Two MEPs lose seats as Fianna Fáil eyes gains

Two Meps Lose Seats As Fianna Fáil Eyes Gains
European and local elections, © PA Wire/PA Images
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By Cillian Sherlock and Gráinne Ní Aodha, PA

Fianna Fáil has retained its seats in the European Parliament, as a fifth day of counting also saw two MEPs lose their place.

Sinn Féin representative Chris MacManus was eliminated from the running in Midlands-North-West as the party claimed his running mate had a “fighting chance” of reclaiming the seat, while the Green Party's Grace O’Sullivan was excluded from the running in Ireland South.


Both had sat as MEPs in the Left grouping within the European Parliament.

Meanwhile, in Ireland South, Fianna Fáil’s Billy Kelleher was re-elected as an MEP, calling it a “crowning” moment.

He celebrated with his family, colleagues and Tánaiste Micheál Martin, who said the party was hopeful of clinching a second seat in the South constituency.

Occurring after the re-election of Barry Andrews in Dublin, it means Fianna Fáil has held on to its two seats in Europe with the possibility of claiming two more.


The lengthy counting of ballot papers continues in Ireland, with eight MEPs left to be elected in two massive constituencies.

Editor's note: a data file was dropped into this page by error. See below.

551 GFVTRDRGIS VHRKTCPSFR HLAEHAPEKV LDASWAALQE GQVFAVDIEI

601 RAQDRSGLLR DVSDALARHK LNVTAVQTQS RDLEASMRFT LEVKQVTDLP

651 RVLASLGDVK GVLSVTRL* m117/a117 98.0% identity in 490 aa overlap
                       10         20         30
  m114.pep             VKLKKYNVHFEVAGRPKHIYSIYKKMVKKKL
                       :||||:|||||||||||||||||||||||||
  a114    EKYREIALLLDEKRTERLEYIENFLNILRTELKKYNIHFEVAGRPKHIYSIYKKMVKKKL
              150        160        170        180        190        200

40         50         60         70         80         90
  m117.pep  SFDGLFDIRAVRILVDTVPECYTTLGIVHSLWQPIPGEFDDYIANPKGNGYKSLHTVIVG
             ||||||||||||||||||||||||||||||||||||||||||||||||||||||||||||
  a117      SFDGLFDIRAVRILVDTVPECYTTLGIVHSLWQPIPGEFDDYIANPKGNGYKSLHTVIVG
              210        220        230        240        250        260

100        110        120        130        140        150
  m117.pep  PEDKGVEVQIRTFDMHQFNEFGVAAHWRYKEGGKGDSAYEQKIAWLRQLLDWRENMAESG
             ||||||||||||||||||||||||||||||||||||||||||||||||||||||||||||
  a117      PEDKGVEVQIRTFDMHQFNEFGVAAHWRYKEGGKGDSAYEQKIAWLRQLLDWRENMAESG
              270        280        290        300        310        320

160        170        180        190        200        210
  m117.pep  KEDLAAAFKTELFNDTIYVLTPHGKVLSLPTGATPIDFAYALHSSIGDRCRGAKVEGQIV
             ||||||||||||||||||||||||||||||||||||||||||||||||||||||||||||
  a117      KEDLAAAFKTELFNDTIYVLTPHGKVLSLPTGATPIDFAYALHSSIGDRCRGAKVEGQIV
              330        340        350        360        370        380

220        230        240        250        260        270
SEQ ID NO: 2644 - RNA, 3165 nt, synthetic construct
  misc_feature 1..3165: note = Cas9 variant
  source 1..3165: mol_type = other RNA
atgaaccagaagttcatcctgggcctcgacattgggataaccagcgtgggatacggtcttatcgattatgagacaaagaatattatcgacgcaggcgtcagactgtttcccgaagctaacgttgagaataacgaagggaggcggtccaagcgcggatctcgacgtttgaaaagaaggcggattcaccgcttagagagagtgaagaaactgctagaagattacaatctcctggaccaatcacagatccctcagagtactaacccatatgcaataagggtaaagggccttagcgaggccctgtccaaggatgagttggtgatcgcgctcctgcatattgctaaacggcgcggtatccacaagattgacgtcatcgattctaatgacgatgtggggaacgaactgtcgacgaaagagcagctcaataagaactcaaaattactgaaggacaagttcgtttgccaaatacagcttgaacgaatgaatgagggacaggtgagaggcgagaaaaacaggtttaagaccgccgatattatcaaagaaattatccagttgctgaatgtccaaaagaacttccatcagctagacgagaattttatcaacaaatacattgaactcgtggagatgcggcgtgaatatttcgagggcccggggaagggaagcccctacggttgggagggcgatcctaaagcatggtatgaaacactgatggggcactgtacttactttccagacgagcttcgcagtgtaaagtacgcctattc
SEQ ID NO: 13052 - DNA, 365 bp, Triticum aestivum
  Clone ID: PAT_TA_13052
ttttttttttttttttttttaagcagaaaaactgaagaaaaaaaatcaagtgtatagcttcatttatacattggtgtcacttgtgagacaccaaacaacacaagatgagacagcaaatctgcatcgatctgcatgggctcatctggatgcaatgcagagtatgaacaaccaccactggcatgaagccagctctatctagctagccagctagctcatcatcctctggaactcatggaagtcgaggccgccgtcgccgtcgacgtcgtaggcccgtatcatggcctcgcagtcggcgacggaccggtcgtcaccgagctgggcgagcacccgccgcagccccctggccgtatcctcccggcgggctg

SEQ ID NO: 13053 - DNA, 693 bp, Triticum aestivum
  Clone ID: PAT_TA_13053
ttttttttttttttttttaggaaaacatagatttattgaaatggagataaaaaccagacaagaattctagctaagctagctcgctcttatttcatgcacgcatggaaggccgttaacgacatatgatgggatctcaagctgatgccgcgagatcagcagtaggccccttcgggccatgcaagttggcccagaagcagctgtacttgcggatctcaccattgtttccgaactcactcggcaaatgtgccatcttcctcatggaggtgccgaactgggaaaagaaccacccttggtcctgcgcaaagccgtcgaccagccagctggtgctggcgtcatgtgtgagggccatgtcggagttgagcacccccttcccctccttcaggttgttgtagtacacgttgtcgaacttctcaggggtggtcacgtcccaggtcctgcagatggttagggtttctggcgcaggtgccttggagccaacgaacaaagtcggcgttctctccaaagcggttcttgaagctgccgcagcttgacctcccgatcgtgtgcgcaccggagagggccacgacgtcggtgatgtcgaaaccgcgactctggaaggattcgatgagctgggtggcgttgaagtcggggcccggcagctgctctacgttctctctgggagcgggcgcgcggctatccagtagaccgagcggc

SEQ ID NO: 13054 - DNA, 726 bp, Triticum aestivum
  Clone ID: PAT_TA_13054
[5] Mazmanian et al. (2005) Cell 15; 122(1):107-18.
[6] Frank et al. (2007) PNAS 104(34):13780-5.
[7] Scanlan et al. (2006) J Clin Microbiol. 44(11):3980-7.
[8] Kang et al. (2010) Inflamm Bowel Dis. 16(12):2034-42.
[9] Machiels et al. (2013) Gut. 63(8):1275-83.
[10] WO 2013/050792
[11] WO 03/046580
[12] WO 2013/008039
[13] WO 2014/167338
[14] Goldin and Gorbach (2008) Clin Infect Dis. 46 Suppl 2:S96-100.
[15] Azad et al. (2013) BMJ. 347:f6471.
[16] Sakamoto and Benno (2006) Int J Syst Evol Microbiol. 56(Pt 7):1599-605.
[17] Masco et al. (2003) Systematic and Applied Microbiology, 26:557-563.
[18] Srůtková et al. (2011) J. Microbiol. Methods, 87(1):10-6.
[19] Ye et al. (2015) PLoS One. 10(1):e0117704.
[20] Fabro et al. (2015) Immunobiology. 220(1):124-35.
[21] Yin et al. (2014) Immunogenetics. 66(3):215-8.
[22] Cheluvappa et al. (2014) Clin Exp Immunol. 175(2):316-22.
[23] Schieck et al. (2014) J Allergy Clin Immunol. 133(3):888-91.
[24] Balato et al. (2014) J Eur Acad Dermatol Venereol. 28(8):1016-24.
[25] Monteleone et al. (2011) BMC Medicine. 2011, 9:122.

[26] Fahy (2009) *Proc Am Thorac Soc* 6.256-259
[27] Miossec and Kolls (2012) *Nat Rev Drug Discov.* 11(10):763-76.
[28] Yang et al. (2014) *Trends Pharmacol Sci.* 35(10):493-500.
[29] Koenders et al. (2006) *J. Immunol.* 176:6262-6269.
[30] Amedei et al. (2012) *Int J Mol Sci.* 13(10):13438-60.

Voters headed to the polls last Friday to pick 949 local councillors, 14 members of the European Parliament and the country’s first directly elected mayor.

Sean Kelly celebrates with friends, family and supporters after becoming the first MEP to be elected in Ireland’s European elections
Seán Kelly celebrates with friends, family and supporters after becoming the first MEP to be elected in Ireland’s European elections (Jonathan Brady/PA)


Results emerging from the three elections have been seen as a political boon for coalition partners Fine Gael and Fianna Fáil, while the largest opposition party, Sinn Féin, has initiated a review after performing well below its own expectations.

In the European elections, Sinn Féin is expected to increase its tally of MEPs, despite Mr MacManus being eliminated from the running on Thursday morning.